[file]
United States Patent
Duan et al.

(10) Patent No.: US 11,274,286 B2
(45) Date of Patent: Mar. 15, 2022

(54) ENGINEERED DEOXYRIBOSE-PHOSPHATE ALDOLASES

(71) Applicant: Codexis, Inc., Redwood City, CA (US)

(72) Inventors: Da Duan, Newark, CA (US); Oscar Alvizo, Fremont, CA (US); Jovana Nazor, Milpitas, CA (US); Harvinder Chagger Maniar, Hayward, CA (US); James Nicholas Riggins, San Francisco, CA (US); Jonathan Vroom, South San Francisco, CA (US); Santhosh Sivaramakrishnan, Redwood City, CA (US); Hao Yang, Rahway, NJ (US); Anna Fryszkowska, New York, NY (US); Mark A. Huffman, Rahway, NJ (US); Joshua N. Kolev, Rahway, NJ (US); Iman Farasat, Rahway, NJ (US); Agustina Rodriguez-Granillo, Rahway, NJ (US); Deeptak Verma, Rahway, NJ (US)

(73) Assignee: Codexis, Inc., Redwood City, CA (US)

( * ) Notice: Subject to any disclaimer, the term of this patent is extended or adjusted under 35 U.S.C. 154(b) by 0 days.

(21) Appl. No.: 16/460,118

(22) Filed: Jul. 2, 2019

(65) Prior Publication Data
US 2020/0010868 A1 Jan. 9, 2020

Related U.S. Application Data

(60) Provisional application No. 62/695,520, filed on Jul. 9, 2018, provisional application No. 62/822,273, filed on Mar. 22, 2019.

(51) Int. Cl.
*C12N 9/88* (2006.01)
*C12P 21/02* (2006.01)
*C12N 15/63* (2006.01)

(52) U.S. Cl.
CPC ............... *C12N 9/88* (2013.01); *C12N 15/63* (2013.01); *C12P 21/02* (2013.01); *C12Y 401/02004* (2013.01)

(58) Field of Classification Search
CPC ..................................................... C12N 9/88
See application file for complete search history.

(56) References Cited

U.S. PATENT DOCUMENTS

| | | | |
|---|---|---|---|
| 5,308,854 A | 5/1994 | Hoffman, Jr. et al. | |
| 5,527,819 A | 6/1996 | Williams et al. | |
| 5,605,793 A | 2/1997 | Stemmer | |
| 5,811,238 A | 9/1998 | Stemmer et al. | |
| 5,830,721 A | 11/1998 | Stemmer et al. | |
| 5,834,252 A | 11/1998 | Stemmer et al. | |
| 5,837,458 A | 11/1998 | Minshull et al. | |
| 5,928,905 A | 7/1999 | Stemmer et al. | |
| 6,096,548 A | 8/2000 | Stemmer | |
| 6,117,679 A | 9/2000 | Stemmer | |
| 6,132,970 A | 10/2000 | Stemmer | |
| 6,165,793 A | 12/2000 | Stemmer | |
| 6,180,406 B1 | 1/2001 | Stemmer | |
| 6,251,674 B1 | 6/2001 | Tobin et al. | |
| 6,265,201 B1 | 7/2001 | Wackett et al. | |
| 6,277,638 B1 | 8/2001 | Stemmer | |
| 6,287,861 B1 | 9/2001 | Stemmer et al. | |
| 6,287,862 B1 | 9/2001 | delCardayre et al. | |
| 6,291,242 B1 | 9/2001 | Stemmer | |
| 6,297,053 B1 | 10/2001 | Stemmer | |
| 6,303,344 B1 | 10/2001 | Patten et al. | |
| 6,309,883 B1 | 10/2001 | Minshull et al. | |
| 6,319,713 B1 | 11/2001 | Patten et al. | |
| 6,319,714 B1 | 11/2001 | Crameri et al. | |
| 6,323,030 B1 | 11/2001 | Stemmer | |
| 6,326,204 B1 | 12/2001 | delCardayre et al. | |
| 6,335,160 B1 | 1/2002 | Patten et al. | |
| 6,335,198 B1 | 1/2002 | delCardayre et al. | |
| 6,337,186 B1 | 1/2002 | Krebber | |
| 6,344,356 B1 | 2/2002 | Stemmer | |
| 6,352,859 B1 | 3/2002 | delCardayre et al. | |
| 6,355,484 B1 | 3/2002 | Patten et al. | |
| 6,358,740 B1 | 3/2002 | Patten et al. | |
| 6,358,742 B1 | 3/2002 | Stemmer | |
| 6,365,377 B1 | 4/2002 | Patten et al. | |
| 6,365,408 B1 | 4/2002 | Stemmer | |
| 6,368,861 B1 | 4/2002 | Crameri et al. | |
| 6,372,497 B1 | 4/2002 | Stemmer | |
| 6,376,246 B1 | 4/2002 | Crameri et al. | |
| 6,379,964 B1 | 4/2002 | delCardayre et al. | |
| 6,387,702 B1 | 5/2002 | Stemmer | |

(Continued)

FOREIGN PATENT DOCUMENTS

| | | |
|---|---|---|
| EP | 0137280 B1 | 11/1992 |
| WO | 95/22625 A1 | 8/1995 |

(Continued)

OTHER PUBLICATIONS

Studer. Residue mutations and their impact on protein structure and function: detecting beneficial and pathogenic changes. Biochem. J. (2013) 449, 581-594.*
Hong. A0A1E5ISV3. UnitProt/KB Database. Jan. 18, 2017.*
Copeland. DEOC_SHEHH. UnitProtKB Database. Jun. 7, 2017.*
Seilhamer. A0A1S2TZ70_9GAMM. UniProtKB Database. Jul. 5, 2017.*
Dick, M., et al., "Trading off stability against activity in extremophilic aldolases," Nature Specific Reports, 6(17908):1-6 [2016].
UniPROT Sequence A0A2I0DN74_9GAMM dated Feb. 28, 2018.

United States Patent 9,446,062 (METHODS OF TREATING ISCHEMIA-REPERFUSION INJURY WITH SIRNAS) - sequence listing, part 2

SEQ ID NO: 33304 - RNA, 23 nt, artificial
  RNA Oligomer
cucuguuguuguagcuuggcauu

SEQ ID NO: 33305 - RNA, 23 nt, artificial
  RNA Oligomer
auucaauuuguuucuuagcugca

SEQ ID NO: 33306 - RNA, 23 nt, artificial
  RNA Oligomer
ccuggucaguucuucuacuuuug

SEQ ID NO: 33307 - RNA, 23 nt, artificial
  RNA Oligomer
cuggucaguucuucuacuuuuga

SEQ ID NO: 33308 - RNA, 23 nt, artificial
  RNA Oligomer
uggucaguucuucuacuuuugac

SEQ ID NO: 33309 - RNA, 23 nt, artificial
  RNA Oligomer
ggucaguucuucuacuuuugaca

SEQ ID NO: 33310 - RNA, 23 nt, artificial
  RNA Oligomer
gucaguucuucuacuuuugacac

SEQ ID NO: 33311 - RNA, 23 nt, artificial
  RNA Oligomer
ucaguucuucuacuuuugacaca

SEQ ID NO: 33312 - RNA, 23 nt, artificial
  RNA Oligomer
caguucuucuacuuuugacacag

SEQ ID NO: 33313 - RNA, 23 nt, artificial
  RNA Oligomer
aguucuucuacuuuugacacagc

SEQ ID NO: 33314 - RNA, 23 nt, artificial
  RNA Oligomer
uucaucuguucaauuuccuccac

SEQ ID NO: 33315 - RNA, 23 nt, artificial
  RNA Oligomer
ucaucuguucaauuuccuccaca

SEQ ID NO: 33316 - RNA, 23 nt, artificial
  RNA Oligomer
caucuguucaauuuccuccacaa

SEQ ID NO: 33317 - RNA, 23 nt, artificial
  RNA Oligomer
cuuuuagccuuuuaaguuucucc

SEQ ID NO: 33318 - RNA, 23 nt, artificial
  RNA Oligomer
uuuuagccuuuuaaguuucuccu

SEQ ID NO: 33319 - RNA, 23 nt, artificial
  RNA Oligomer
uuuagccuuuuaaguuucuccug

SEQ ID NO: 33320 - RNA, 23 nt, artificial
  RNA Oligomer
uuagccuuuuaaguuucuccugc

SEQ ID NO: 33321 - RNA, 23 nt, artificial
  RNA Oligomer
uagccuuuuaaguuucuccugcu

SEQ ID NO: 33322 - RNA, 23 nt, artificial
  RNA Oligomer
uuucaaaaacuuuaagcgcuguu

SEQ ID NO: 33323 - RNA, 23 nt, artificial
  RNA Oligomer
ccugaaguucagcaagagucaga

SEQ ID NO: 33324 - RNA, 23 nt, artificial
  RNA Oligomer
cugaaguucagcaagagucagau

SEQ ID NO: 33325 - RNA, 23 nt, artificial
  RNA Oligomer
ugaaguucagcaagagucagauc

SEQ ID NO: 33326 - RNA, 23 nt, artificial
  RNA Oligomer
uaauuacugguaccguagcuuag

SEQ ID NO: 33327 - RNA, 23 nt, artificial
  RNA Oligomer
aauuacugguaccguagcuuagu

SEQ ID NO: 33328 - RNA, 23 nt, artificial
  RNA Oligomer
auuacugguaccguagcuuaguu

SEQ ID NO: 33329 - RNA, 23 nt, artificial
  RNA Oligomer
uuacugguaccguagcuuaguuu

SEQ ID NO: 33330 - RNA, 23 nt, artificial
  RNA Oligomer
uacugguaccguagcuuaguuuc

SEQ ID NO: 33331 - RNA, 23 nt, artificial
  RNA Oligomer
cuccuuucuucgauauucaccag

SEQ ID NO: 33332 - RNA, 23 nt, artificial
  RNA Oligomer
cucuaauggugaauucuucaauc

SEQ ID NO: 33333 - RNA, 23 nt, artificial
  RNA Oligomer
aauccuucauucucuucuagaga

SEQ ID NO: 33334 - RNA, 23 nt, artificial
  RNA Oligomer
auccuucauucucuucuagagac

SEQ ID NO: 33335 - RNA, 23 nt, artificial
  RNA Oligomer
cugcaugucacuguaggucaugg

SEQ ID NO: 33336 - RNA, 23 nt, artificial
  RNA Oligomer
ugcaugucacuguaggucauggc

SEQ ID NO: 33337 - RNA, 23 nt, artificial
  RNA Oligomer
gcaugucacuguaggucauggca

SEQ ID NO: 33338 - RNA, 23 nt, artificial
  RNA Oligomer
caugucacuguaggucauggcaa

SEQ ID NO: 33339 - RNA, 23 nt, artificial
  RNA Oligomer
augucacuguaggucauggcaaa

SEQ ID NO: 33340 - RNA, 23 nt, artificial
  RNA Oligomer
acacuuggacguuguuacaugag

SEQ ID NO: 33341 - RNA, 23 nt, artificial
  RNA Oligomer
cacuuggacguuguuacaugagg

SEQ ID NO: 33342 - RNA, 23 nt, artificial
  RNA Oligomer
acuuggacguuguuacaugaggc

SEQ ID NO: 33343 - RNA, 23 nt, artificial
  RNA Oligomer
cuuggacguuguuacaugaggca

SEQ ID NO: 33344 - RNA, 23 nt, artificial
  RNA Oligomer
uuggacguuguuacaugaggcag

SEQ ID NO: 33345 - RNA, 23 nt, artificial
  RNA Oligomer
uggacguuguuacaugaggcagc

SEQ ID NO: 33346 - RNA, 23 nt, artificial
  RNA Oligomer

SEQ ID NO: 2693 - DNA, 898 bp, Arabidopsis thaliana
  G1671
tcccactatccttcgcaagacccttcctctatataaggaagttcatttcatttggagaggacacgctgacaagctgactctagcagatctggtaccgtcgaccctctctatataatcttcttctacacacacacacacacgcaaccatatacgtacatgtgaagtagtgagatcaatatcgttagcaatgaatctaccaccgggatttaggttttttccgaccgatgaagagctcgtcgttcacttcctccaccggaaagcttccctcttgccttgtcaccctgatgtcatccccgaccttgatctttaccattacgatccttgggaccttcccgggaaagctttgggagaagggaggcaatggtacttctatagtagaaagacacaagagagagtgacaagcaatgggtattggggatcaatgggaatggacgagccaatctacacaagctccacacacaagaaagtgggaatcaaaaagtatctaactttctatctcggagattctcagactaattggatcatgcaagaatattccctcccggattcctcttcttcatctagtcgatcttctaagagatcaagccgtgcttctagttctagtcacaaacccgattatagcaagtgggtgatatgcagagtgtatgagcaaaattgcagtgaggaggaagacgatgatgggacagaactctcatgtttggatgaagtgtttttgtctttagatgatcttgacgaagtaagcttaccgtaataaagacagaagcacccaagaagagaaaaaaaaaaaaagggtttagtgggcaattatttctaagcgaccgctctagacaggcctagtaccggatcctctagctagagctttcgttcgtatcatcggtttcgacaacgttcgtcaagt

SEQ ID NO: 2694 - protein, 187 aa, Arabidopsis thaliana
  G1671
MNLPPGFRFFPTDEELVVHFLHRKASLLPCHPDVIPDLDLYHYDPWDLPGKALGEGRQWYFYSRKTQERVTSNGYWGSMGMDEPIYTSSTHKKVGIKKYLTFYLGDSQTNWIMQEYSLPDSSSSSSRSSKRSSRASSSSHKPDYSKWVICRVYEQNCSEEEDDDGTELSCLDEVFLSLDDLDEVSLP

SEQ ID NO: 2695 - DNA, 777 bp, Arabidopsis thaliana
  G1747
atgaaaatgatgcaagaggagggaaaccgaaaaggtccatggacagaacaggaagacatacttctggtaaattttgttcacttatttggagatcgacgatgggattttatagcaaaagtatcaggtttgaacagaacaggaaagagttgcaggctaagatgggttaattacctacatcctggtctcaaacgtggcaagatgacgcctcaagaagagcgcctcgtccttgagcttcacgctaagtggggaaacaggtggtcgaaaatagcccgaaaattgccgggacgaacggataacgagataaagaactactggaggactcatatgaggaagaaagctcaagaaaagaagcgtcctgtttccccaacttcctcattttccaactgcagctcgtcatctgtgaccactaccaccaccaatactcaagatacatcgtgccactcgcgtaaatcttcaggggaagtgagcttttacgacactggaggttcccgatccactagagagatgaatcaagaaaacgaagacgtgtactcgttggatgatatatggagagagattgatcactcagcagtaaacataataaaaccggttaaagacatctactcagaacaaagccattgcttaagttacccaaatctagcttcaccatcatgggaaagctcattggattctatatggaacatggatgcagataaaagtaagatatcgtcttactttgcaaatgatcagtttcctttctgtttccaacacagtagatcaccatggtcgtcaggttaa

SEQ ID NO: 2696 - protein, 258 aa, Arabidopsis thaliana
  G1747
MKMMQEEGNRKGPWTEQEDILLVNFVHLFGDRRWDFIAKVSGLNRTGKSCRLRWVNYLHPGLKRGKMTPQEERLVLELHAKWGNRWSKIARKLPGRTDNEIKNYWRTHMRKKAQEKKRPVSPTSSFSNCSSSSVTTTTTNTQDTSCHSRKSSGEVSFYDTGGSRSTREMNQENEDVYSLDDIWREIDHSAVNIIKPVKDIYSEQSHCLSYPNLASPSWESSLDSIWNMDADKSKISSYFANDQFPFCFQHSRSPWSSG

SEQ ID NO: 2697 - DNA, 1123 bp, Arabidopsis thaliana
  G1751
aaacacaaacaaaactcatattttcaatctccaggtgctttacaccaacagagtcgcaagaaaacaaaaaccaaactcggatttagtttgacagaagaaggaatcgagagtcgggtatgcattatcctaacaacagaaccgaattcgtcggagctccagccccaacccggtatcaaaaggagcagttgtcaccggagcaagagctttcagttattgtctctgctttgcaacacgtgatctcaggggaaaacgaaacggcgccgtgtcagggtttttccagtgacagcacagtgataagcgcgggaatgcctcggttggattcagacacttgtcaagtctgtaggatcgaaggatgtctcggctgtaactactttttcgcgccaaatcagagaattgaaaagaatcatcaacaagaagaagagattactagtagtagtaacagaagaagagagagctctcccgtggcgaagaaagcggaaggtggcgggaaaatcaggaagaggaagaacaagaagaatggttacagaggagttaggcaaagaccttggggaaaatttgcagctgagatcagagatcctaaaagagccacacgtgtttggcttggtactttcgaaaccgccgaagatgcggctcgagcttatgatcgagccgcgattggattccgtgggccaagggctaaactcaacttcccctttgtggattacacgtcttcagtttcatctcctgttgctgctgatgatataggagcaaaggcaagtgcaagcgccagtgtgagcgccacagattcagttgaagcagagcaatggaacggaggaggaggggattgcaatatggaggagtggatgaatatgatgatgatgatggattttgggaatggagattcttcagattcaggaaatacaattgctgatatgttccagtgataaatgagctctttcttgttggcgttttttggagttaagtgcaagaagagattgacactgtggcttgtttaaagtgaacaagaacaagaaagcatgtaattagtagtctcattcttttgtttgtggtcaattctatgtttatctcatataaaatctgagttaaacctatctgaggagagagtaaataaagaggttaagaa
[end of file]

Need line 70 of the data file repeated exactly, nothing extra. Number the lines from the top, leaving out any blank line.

(Continued)